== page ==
Lycoming's IE2: Perfect Timing?

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Now that Sun 'n Fun 2010 has had a chance to cool, what's the verdict? I arrive at these shows looking for cutting edge products that indicate the industry is bullish in the near and longer term future. In this regard, this year's show was slower than most but, frankly, I wasn't expecting much given the economy.

One thing that caught my eye was Lycoming's IE2 engine project, which appears to be making measurable progress. The engine is flying in Lancair's big Evolution project and in this video, the company's Doug Meyer gave us a detailed update on the project.

More important, the hardware itself looks convincing—not just a bunch of breadboxes wired together to make a passable presentation. We don't really know enough about the details of the operation and software to make anything like an informed judgment yet, but the thing clearly isn't standing still, either. Meyer told us these engines will be ready when the kit is ready to ship in about six months in late fall or early winter of next year. He also said some variant of the engine will be certified—if not deliverable—later this year.

Lycoming has moved the project forward along the automotive paradigm, with pulsed fuel injection, variable timing and knock sensors as the basis of detonation control. TCM tried the same strategy—less the knock sensors—with what became the PowerLink FADEC. That system has been fielded for quite some time, but response to it has been lukewarm.

Would-be buyers we've interviewed found the TCM FADEC intriguing, but not so much to buy it. The perceived benefits of such a system simply weren't obvious.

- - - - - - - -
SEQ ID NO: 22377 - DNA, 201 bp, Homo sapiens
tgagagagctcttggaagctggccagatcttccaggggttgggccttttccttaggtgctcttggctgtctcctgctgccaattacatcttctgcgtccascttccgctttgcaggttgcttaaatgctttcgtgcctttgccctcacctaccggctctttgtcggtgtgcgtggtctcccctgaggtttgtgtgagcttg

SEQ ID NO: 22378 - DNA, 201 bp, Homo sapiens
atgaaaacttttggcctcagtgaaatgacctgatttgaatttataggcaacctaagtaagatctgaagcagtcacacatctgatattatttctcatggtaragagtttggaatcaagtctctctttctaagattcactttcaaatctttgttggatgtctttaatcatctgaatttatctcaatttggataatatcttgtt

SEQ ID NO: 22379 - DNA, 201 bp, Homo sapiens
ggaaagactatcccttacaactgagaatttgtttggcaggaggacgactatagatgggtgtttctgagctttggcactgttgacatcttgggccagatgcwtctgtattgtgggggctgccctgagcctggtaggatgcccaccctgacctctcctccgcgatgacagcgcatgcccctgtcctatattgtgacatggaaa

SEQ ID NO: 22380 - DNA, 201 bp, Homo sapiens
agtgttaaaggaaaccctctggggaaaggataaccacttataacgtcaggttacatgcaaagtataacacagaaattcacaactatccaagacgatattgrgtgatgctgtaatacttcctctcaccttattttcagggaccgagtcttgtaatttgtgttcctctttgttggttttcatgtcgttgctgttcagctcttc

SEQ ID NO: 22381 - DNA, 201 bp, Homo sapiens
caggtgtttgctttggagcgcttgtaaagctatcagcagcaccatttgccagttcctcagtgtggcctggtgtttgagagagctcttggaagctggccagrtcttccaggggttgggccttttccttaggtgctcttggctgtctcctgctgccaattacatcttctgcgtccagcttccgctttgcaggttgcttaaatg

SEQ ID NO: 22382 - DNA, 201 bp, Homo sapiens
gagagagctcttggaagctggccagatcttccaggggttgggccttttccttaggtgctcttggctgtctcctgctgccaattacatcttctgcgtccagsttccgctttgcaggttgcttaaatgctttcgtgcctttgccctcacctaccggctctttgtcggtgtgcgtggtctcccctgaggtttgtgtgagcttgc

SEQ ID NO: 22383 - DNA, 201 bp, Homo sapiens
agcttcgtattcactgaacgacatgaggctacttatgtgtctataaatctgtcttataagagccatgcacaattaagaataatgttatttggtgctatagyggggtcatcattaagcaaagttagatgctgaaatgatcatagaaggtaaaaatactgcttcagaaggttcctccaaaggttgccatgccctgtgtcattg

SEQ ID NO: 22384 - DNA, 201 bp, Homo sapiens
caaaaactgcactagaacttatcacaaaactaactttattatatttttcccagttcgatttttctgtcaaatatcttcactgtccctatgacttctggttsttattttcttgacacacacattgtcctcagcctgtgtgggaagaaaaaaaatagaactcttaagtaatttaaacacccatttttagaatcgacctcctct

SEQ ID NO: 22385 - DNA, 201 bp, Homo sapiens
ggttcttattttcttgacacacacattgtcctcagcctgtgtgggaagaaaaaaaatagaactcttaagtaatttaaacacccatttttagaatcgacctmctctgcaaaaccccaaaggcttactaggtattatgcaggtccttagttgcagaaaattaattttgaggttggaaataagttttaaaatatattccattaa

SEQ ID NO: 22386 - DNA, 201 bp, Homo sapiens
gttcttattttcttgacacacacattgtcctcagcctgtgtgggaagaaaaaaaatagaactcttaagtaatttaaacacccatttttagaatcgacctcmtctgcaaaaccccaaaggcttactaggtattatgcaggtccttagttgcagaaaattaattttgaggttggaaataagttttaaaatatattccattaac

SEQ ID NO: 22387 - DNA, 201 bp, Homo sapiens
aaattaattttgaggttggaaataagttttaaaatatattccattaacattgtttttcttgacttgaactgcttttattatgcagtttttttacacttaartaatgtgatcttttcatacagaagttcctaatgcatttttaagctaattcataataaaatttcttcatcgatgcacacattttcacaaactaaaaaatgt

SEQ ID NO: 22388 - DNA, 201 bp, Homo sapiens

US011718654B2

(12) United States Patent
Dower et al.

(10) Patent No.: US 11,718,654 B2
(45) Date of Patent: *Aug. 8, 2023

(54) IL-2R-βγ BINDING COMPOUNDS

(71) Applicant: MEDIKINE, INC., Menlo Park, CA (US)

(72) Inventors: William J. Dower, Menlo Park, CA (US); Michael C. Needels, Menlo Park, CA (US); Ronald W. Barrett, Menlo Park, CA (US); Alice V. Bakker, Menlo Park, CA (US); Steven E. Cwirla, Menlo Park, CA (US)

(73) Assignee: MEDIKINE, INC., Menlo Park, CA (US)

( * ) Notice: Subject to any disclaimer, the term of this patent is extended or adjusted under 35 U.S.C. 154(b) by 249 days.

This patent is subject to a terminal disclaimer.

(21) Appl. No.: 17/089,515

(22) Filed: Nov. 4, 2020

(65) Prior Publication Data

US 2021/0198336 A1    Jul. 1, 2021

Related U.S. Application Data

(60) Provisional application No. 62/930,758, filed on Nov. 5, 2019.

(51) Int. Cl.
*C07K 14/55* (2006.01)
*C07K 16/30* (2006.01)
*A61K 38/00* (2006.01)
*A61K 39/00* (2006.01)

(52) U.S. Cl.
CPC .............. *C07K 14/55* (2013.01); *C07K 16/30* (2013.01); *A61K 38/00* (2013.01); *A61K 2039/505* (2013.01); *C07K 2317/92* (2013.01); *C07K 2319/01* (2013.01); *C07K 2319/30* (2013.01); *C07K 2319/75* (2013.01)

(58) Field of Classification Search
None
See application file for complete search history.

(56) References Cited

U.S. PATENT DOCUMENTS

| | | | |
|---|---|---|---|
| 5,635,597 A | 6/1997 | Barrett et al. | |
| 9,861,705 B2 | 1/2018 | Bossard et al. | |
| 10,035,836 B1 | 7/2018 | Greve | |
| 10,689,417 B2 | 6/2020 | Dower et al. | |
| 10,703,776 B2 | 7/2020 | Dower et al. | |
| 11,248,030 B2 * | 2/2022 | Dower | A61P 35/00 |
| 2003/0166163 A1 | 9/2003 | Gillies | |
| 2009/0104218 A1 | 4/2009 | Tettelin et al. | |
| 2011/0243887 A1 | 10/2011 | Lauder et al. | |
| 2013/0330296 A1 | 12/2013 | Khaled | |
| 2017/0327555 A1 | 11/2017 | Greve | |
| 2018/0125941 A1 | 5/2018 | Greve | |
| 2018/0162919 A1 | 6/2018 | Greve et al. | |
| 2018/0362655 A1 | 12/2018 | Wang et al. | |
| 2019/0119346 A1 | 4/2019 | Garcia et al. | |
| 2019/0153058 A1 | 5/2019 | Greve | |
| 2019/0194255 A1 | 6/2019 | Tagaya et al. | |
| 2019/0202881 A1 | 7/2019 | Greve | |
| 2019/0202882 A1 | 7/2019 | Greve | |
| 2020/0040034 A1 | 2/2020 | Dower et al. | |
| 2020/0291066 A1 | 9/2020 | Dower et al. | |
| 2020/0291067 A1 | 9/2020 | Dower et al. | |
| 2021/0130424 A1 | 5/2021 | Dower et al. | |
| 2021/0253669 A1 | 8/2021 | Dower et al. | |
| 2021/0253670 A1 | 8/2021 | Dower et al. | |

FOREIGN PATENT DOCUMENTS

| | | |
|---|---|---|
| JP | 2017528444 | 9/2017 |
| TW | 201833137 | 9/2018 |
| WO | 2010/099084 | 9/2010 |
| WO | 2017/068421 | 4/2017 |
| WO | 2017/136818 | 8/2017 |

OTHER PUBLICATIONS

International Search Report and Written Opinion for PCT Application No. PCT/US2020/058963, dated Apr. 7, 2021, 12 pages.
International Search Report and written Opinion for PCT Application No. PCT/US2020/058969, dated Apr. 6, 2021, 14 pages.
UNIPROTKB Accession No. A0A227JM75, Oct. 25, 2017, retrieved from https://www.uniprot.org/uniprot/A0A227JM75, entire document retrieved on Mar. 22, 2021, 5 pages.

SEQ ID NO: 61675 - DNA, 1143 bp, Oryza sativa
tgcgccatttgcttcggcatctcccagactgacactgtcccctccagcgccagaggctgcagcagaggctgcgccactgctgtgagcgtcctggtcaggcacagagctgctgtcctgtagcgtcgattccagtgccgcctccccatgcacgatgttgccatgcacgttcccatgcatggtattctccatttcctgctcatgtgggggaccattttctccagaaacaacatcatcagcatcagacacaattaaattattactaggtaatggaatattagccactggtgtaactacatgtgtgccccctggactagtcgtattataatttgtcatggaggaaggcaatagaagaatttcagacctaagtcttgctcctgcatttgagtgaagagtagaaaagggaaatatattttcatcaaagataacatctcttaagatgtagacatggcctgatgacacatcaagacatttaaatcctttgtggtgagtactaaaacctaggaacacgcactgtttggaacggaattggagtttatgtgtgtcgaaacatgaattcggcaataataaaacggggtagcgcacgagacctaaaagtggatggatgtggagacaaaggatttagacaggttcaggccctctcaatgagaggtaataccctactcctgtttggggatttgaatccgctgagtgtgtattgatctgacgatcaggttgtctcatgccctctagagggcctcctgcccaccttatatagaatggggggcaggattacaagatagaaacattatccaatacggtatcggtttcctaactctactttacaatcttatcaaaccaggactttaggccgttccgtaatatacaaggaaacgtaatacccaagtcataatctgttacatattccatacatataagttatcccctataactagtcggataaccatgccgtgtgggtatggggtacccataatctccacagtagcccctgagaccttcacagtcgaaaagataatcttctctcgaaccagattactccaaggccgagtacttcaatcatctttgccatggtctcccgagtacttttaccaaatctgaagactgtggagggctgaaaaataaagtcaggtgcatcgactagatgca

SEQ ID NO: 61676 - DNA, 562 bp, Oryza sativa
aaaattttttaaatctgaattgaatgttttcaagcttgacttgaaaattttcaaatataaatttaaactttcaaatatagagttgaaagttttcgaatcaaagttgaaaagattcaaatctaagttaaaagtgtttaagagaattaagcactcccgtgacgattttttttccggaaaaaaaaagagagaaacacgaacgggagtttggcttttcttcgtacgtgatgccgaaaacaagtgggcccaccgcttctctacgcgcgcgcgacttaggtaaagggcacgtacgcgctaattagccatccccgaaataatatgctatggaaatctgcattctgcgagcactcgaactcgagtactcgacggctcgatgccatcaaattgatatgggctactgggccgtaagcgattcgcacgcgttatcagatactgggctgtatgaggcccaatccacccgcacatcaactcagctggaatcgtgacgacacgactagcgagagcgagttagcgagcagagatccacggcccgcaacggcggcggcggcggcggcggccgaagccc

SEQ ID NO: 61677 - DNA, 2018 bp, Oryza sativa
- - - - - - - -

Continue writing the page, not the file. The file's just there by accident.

Will Lycoming fare any better? Possibly. Having a high-profile project like the Evo as a launch customer can't hurt and the timing is much better. The EPA has now put a more certain date on the elimination of lead in avgas and this seems certain to recalibrate the industry's mindset, which has basically been head in the sand—or head up the you know what—for more than 20 years.

By any standards—much less the reduced circumstances of 2010—the Lycoming development project is a big deal. It's tempting to say it's overdue, but that's simply not the case, as Continental learned by launching its electronic engine into a market where the demise of leaded fuel was still 20 years away.

They must have been reading our chicken little stories about avgas. Unfortunately, lots of people did.

Comments (19)

It's about time to see some modern technology work it's way into our aircraft engines. If we really want to keep costs under control, we need to be able to use a somewhat standard fuel, perhaps (gasp) with ethanol blended in, as opposed to boutique racing gas that's dyed blue. Lycoming's system is a good step in that direction.

Posted by: Josh Johnson | April 23, 2010 7:35 PM    Report this comment